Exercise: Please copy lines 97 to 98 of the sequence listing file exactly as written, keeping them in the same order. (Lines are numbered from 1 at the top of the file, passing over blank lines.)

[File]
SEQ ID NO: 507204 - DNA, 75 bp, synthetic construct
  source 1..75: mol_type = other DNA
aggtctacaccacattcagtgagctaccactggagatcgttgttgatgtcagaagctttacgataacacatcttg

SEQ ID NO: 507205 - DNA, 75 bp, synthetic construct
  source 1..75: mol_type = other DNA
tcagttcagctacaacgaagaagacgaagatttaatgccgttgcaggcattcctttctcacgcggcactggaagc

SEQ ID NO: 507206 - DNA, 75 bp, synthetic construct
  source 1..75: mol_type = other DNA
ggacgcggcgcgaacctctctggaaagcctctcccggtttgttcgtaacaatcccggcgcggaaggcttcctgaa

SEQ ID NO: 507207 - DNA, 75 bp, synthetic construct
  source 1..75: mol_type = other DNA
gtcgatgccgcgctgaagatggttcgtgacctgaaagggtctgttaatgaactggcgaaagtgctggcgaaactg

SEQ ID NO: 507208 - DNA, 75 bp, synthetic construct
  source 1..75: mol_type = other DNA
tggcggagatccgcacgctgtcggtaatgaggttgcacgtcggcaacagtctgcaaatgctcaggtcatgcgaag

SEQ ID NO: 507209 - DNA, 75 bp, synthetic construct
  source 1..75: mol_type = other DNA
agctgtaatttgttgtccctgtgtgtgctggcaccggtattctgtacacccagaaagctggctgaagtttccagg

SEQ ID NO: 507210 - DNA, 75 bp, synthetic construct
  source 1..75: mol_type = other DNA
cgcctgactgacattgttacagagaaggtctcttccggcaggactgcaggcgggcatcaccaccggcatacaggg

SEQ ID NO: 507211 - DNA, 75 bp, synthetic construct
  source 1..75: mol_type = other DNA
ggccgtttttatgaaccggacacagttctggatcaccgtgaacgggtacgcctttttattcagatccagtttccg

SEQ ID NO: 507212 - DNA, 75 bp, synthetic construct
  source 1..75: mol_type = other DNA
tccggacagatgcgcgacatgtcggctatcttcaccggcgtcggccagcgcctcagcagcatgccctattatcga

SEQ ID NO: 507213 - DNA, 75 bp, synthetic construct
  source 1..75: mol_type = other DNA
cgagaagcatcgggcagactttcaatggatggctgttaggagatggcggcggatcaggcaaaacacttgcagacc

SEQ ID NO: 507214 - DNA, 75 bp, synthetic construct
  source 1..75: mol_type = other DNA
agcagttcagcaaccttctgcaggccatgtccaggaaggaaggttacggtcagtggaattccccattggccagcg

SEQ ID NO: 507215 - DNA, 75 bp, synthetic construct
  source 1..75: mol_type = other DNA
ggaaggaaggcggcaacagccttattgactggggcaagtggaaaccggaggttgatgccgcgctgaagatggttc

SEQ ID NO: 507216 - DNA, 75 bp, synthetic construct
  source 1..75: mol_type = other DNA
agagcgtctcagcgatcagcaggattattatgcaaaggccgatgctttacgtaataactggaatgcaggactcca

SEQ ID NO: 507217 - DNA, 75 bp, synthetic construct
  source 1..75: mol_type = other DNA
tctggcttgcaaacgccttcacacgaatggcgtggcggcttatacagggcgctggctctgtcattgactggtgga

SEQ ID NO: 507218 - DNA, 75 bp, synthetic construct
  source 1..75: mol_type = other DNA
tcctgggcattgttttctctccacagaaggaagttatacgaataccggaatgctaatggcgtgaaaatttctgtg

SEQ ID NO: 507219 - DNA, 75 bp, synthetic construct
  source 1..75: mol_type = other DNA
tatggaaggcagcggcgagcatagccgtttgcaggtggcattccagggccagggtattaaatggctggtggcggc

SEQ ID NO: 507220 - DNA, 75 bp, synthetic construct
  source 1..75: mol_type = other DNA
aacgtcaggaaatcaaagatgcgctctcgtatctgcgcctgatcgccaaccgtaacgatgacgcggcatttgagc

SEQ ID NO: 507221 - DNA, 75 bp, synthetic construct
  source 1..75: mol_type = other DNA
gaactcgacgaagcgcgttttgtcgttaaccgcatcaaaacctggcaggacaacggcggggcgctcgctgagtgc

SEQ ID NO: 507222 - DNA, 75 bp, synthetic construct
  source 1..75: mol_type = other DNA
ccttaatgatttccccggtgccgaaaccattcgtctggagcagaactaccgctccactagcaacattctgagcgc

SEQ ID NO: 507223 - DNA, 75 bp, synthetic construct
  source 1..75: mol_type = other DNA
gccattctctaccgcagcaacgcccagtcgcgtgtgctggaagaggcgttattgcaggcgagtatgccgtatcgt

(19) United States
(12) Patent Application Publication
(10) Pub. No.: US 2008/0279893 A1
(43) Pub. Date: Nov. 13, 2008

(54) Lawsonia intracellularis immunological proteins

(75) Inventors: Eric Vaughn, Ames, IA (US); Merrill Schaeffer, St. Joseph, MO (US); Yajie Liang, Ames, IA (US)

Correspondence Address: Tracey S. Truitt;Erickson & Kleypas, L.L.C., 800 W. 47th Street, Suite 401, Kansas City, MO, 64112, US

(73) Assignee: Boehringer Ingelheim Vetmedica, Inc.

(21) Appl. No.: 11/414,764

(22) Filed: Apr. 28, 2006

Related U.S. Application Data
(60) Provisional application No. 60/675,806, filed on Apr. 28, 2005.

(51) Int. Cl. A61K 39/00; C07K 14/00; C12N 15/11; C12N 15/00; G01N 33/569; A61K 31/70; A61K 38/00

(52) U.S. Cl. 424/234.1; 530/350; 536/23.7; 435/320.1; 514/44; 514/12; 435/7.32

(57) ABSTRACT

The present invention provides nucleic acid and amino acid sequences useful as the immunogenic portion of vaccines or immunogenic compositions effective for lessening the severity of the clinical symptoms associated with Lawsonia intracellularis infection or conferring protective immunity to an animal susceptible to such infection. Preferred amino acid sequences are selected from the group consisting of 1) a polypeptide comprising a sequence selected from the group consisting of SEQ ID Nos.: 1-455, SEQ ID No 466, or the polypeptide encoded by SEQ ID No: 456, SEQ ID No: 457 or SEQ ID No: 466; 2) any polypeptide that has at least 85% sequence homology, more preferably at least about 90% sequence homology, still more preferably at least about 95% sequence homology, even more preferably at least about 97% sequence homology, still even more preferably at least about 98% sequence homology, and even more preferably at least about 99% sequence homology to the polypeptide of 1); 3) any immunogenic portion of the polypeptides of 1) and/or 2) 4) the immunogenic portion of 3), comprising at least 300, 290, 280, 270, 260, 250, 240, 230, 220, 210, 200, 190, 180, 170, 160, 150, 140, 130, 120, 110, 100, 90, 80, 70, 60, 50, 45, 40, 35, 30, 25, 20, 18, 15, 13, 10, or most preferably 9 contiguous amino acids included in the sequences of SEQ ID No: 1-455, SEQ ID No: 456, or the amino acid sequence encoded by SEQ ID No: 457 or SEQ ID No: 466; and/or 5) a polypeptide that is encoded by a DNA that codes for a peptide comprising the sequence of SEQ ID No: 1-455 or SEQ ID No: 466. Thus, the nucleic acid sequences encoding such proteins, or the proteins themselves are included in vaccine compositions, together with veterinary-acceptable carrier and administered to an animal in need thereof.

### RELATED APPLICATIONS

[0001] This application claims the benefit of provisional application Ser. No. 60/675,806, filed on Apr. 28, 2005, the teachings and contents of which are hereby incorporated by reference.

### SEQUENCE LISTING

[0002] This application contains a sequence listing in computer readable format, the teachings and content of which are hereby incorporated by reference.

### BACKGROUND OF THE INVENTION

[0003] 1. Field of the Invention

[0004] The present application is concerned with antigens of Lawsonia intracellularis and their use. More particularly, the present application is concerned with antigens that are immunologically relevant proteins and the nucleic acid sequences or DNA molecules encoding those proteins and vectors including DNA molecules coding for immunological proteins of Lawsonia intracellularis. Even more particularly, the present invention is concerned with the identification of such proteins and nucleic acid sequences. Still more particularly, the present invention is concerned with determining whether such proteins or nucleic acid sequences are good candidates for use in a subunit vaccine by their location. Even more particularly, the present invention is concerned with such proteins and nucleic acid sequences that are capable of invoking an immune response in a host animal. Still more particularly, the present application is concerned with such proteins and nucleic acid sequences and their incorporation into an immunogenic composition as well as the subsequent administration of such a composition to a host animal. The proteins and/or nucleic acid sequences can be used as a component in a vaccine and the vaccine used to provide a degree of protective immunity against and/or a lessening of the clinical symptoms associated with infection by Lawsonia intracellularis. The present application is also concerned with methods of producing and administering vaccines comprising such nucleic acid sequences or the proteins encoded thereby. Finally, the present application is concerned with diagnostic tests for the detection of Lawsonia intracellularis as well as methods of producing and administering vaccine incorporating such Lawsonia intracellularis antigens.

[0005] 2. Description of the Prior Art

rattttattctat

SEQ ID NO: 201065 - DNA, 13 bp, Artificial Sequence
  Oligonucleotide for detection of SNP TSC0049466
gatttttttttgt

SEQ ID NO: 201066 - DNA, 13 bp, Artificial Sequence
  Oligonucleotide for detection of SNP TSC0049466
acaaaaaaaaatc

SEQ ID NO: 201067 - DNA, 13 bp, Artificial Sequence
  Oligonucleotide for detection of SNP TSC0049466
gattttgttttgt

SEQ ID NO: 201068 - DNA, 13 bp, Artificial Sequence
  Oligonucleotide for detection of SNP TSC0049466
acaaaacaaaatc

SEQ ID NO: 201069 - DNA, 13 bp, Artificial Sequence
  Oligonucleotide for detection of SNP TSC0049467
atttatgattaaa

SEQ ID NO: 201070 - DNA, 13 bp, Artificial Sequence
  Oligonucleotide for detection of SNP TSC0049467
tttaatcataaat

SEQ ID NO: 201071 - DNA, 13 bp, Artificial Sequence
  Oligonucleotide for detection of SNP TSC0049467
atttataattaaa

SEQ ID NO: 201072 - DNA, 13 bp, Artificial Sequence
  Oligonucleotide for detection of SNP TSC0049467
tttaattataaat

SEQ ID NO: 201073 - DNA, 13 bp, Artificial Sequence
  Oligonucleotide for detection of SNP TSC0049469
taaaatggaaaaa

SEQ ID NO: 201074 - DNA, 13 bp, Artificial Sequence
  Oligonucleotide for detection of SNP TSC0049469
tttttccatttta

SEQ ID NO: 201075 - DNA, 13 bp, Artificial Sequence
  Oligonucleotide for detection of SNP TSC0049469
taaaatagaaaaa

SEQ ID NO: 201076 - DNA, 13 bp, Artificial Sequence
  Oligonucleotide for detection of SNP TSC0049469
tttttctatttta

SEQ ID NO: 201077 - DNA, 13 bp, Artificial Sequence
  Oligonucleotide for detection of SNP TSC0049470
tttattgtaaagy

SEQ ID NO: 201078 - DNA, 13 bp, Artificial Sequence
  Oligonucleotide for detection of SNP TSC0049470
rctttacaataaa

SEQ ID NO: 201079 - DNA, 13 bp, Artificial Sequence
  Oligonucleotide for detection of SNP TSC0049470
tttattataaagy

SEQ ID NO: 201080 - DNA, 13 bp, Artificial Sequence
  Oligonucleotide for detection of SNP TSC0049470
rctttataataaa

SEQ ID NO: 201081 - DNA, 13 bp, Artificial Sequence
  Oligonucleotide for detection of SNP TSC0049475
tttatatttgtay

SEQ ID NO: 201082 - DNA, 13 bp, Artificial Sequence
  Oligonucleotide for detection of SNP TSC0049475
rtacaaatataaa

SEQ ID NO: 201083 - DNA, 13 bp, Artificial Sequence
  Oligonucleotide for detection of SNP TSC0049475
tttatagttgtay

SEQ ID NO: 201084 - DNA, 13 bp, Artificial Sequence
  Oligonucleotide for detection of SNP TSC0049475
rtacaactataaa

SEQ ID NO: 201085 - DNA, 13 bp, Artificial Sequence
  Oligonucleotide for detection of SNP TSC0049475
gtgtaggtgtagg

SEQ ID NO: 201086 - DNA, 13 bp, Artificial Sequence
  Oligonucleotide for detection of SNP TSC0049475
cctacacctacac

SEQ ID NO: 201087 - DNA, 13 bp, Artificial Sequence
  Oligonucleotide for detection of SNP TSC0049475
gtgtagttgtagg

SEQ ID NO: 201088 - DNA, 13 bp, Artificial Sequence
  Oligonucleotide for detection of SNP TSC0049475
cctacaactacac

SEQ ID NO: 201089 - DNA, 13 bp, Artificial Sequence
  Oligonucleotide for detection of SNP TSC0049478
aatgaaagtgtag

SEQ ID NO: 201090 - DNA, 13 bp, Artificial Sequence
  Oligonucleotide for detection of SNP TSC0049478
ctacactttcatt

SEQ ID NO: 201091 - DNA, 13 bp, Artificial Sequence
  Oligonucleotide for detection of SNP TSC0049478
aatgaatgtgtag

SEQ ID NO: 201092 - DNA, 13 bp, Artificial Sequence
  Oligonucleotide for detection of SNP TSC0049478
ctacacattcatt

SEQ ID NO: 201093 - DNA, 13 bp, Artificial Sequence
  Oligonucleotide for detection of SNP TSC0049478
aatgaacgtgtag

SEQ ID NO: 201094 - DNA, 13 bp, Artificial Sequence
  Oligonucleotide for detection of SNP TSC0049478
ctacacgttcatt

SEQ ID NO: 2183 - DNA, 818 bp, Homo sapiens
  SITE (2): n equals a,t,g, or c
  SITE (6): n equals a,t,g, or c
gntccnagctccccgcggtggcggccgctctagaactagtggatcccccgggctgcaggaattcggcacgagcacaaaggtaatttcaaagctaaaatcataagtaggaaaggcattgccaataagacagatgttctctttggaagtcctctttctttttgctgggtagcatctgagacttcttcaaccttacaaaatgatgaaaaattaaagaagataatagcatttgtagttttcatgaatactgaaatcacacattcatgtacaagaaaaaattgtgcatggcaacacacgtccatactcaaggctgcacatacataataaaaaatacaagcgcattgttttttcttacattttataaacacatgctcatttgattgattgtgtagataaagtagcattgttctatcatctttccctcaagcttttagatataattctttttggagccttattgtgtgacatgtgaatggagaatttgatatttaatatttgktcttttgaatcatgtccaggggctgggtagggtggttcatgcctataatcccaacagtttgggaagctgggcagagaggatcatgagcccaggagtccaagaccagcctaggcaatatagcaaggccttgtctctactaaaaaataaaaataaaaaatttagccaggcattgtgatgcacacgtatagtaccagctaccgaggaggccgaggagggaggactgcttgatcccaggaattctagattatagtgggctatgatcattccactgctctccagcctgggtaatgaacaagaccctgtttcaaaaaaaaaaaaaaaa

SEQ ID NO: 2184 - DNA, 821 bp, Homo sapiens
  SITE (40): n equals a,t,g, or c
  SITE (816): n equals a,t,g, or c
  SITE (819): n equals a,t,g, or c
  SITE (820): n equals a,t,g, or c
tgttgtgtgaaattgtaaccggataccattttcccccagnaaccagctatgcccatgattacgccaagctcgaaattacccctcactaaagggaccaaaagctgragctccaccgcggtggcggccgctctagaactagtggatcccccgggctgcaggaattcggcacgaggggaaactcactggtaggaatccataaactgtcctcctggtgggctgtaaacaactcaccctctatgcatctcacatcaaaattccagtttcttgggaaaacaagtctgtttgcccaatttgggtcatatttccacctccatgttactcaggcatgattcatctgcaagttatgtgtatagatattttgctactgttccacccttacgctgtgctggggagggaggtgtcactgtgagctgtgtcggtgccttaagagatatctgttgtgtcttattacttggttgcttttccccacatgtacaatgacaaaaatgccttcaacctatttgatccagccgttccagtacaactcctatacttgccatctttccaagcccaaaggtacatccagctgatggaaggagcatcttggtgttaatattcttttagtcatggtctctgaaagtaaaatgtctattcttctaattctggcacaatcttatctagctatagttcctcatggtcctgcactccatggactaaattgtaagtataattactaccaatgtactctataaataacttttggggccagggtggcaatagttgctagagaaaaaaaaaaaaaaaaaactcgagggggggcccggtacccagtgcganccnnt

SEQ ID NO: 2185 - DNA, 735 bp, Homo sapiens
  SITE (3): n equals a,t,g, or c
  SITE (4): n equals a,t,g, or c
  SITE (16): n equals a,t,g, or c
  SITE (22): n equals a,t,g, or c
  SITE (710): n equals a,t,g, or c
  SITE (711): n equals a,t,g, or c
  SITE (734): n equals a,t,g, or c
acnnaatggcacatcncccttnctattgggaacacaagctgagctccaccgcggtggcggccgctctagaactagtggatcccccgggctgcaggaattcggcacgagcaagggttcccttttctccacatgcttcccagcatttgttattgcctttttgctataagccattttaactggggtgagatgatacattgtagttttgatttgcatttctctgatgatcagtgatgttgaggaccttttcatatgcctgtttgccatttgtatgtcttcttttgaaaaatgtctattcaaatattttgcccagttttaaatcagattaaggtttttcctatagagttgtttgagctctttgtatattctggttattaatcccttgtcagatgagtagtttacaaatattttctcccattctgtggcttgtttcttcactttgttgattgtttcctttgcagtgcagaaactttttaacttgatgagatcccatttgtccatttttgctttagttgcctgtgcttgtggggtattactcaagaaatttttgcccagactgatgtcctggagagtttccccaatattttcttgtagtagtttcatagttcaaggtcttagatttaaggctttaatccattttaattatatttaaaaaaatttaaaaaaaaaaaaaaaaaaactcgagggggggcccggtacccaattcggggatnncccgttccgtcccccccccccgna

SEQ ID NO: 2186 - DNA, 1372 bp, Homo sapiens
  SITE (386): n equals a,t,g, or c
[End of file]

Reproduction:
acaaaacaaaatc

SEQ ID NO: 201069 - DNA, 13 bp, Artificial Sequence